Gigasiphon macrosiphon

Tropical forests on the coastal plains of Kenya and Tanzania

Ginkgo

Ginkgo biloba

Temperate forests in southern China

Hainan sonmeratia

Sonneratia hainanensis

Mangrove forests in Wenchang County, Hainan, China

ment, and population resettlement. In Central America and the Caribbean, the Swietenia mahogany is found only in a few protected or remote areas. The Caoba tree (Persea theobromifolia) was newly identified as a species as recently as 1977. The lumber is commercially important, and habitat loss has occurred as a result of the conversion of forests to banana and palm plantations. In Ecuador, only 6 percent of the original rain forest remains standing, because the rest has been converted to farmland. In Asia, including the Philippines, population pressures bring about deforestation and the clearing of land for agriculture.

In southern Africa, land is used for crops, livestock, and firewood production. Overgrazing and the introduction of agriculture have caused the Sahara Desert area to grow rapidly. The island of Madagascar has between ten thousand and twelve

Common Name

Scientific Name

Habitat

Hawaiian gardenia

Gardenia brighamii

Dry forest on the island of Kauai, Hawaii

Horseshoe fern

Marattia salicina nov

Lord Howe Island, Australia

Ley's whitebeam

Sorbus leyana

Carboniferous limestone cliffs in southern Breconshire, Wales

Madeira net-leaf orchid

Goodyera macrophylla

Cliffs and ravines in humid, maritime climate of Madeira, Portugal

Mellblom's spider orchid

Caladenia hastata

Coastal areas near Portland, Victoria, Australia

Millionaire's salad

Deckenia nobilis

Lowland forests of the Seychelles Islands off the east coast of Africa

Mongarlowe mallee

Eucalyptus recurva

Near Mongarlowe in New South Wales, Australia

Nubian dragon tree

Dracaena ombet

Tropical forests near the Red Sea Hills in Egypt, Saudi Arabia, East Africa

Saharan cypress

Cupressus dupreziana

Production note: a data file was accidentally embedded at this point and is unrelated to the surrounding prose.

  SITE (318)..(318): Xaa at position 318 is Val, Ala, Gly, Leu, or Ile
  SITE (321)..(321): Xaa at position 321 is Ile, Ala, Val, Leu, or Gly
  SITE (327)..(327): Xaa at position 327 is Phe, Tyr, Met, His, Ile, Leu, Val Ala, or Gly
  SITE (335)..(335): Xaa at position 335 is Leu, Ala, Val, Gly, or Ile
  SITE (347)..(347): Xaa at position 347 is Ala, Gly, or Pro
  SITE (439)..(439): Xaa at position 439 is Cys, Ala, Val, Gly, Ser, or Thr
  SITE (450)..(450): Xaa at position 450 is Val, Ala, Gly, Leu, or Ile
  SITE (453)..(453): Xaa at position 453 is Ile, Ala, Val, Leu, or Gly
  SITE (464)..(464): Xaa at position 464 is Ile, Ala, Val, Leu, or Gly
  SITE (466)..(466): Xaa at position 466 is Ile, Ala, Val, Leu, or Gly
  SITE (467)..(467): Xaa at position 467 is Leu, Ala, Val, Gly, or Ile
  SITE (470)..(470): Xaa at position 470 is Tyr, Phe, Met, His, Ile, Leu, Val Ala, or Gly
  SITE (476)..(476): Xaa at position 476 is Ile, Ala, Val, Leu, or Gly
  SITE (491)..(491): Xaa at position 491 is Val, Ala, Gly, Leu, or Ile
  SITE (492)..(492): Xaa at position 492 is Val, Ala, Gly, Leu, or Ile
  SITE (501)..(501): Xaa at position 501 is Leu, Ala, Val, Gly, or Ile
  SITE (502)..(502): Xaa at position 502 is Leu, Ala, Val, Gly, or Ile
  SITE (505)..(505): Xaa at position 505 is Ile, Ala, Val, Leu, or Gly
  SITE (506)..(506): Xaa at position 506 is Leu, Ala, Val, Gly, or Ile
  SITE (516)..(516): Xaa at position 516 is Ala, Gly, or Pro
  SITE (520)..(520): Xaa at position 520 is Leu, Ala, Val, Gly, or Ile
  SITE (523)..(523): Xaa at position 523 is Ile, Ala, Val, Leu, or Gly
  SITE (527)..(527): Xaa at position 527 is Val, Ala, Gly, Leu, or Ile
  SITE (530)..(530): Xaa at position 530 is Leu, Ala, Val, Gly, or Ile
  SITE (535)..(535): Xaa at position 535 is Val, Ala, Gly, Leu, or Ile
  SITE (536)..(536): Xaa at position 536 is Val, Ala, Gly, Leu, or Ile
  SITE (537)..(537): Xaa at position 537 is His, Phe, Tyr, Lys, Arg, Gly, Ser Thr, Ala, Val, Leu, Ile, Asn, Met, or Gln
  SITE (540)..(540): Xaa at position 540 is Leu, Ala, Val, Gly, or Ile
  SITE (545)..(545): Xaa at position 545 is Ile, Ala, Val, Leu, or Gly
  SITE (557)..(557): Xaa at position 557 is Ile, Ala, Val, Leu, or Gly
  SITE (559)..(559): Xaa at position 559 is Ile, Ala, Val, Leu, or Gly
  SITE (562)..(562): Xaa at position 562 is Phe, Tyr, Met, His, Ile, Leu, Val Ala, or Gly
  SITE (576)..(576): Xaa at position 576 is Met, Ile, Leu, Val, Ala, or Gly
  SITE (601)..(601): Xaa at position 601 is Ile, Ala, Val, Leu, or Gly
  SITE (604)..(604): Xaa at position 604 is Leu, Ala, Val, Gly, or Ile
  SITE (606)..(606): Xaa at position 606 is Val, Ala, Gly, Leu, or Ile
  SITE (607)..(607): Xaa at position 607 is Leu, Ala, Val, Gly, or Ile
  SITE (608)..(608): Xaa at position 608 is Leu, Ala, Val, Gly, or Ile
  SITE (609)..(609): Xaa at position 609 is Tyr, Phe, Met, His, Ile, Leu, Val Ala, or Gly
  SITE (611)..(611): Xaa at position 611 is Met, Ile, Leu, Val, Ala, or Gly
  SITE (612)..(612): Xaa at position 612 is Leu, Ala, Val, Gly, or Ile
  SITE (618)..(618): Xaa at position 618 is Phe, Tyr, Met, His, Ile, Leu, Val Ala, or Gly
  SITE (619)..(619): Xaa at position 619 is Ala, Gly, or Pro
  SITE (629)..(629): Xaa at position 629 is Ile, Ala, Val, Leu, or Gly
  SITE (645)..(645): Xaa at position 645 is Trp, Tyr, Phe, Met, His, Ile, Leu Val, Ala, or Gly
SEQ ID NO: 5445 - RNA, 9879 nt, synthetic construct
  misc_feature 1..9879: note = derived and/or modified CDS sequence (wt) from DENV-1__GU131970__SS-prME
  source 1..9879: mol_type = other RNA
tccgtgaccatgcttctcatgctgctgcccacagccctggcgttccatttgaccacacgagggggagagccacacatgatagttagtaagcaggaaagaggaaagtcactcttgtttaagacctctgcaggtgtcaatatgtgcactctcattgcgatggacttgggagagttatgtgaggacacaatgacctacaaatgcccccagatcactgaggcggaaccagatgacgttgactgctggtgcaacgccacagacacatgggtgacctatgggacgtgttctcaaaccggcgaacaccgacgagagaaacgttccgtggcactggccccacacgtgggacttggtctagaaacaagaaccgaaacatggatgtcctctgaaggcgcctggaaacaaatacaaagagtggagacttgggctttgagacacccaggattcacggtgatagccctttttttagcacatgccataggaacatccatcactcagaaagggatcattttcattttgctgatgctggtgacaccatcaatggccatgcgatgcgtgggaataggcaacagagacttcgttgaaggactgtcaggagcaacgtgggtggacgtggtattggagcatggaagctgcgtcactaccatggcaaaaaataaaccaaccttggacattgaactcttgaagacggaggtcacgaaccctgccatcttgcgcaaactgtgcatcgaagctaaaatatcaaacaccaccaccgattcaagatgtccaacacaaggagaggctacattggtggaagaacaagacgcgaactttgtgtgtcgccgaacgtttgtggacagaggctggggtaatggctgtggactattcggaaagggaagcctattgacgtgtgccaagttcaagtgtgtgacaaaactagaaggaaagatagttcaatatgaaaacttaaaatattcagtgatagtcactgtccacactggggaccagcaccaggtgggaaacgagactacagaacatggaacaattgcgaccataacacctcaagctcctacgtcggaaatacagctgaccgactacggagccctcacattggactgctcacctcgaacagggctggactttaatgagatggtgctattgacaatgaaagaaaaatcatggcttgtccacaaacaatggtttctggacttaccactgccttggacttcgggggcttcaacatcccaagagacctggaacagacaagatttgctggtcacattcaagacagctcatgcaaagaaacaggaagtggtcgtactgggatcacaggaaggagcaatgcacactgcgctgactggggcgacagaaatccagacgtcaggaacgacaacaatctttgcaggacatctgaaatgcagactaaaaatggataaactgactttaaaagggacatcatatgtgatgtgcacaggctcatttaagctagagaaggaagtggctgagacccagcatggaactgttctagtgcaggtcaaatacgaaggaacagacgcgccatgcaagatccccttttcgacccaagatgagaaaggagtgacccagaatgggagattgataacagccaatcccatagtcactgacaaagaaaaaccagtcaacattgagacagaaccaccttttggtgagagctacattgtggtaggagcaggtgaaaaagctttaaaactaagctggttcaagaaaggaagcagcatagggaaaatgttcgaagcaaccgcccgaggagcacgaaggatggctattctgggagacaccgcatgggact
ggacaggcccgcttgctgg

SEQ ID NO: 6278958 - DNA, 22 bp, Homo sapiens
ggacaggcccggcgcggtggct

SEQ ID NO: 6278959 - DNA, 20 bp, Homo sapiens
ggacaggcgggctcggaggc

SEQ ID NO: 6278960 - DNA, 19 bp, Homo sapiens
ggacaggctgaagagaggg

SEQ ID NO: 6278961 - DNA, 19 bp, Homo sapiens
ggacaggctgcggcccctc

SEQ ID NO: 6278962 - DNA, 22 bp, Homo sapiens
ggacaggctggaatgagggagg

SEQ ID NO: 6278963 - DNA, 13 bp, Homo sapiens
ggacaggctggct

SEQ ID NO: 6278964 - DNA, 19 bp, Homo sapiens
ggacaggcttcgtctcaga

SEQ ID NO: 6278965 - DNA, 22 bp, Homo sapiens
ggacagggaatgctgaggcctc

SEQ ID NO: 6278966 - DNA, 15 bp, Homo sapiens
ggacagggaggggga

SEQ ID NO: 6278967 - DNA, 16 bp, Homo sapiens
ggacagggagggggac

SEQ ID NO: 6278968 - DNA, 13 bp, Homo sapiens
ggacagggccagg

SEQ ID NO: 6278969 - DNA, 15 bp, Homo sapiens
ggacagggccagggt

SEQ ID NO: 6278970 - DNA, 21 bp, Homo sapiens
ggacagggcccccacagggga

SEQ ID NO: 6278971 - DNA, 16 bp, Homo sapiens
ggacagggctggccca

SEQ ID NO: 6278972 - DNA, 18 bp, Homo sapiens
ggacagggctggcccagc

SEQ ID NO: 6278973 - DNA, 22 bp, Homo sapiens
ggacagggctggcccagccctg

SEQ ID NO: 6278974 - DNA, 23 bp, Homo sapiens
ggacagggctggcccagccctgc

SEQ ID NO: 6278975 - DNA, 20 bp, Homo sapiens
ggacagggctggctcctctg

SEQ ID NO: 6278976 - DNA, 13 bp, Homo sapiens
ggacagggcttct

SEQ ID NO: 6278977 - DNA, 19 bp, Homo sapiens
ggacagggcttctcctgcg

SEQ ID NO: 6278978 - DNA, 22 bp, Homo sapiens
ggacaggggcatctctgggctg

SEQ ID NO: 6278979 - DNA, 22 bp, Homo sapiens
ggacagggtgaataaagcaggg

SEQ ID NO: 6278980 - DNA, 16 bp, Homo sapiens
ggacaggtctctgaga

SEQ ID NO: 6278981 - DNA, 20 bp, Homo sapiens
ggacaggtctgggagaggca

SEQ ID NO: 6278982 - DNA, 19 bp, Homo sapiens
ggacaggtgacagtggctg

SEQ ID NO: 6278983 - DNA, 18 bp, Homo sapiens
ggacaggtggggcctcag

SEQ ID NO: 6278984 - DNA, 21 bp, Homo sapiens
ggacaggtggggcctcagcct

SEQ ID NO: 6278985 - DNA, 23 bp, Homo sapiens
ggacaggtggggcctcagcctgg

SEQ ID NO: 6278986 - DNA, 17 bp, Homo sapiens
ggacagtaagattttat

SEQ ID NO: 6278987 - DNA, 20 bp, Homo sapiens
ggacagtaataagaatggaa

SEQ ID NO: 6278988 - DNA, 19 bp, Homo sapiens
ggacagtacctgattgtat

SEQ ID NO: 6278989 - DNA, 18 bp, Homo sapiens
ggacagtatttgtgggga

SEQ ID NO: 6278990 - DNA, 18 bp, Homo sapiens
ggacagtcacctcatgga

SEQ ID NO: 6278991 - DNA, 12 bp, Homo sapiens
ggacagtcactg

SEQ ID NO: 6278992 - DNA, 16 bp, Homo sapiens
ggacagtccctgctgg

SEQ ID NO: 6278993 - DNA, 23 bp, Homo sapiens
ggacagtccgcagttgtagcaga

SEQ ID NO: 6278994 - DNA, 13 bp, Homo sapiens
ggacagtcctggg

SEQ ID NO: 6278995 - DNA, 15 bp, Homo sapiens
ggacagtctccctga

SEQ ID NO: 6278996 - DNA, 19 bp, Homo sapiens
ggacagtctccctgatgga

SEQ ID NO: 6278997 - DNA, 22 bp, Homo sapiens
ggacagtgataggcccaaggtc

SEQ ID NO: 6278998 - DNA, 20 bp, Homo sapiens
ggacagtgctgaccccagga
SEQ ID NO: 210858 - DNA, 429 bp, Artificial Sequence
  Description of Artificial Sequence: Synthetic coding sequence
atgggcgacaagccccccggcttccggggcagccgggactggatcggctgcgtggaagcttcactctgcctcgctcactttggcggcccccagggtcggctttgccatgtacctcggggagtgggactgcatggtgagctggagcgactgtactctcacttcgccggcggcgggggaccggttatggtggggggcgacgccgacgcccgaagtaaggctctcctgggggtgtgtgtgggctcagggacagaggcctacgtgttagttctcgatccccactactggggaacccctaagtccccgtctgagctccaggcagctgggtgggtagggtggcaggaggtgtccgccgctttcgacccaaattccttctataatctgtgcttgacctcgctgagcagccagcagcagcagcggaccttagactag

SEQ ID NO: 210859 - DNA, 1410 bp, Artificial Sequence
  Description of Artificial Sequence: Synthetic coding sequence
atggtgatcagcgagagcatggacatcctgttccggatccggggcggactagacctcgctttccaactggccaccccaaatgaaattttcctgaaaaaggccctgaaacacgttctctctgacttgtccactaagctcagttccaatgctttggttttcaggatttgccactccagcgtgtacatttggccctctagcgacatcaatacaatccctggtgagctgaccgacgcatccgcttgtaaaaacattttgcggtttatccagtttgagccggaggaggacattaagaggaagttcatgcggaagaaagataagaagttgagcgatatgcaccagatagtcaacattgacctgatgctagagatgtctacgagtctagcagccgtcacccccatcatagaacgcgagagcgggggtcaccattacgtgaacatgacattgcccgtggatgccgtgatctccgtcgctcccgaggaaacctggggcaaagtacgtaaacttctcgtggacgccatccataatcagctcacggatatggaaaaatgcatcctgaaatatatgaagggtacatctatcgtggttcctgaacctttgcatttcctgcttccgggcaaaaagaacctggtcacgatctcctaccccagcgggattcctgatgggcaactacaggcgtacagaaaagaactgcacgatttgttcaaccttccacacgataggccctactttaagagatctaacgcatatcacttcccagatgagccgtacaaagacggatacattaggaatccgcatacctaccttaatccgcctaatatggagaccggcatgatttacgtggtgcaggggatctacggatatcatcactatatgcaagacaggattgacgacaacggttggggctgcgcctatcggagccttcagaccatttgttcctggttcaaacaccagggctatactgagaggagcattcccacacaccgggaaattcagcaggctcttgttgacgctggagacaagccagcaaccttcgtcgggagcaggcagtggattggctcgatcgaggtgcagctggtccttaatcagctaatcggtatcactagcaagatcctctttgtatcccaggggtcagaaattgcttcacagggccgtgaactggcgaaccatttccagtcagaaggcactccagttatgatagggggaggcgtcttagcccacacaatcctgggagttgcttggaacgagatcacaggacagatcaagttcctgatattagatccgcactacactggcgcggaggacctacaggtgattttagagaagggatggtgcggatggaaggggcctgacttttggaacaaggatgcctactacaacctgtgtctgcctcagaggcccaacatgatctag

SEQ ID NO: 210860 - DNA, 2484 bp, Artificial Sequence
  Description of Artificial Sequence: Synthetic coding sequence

Tassili N'Ajjer National Park, Algeria

Taiwan trident maple

Acer buergerianum ssp. formosanum

Lowland evergreen forest of Taiwan

Tennessee purple coneflower

Echinacea tennesseensis

Red cedar glades and dry environments in forest openings of Tennessee

Virginia round-leaf birch

Betula uber

Second-growth forest along Cressy Creek in Virginia

West Himalayan elm

Ulmus walliciana

Temperate areas near streams, rivers, and wetlands in Afghanistan, Nepal, Pakistan, India

None

Anthoceros neesii

Clay-loam soils in Austria, Czech Republic, Germany, Poland

None

Diplocolea sikkimensis

Tropical rain forests in India (Sikkim) and Nepal

None

Distichophyllum carinatum

Temperate mixed forests of Austria, Germany, Switzerland, China (Sichuan), Japan

None

Andrewsianthus ferrugineus

Coniferous forest of Bhutan, Nepal

Source: Compiled from the International Union for Conservation of Nature, World Conservation Union (IUCN) Red List of endangered species at the web site www.redlist.org (homepage www.iucn.org), and Encyclopedia of Endangered Species, edited by Bill Freedman, volume 2 (Detroit: Gale Research, 1999).

Source: Compiled from the International Union for Conservation of Nature, World Conservation Union (IUCN) Red List of endangered species at the web site www.redlist.org (homepage www.iucn.org), and Encyclopedia of Endangered Species, edited by Bill Freedman, volume 2 (Detroit: Gale Research, 1999).

thousand plant species, of which 80 percent grow nowhere else in the world. Because of conversion to grassland through farming methods, only about one-fifth of the original species survive. In Australia there are 1,140 rare or threatened plants, and logging, clearing for grazing animals and crops, building developments, and mining have threatened many native species.

Was this article helpful?

0 0

Post a comment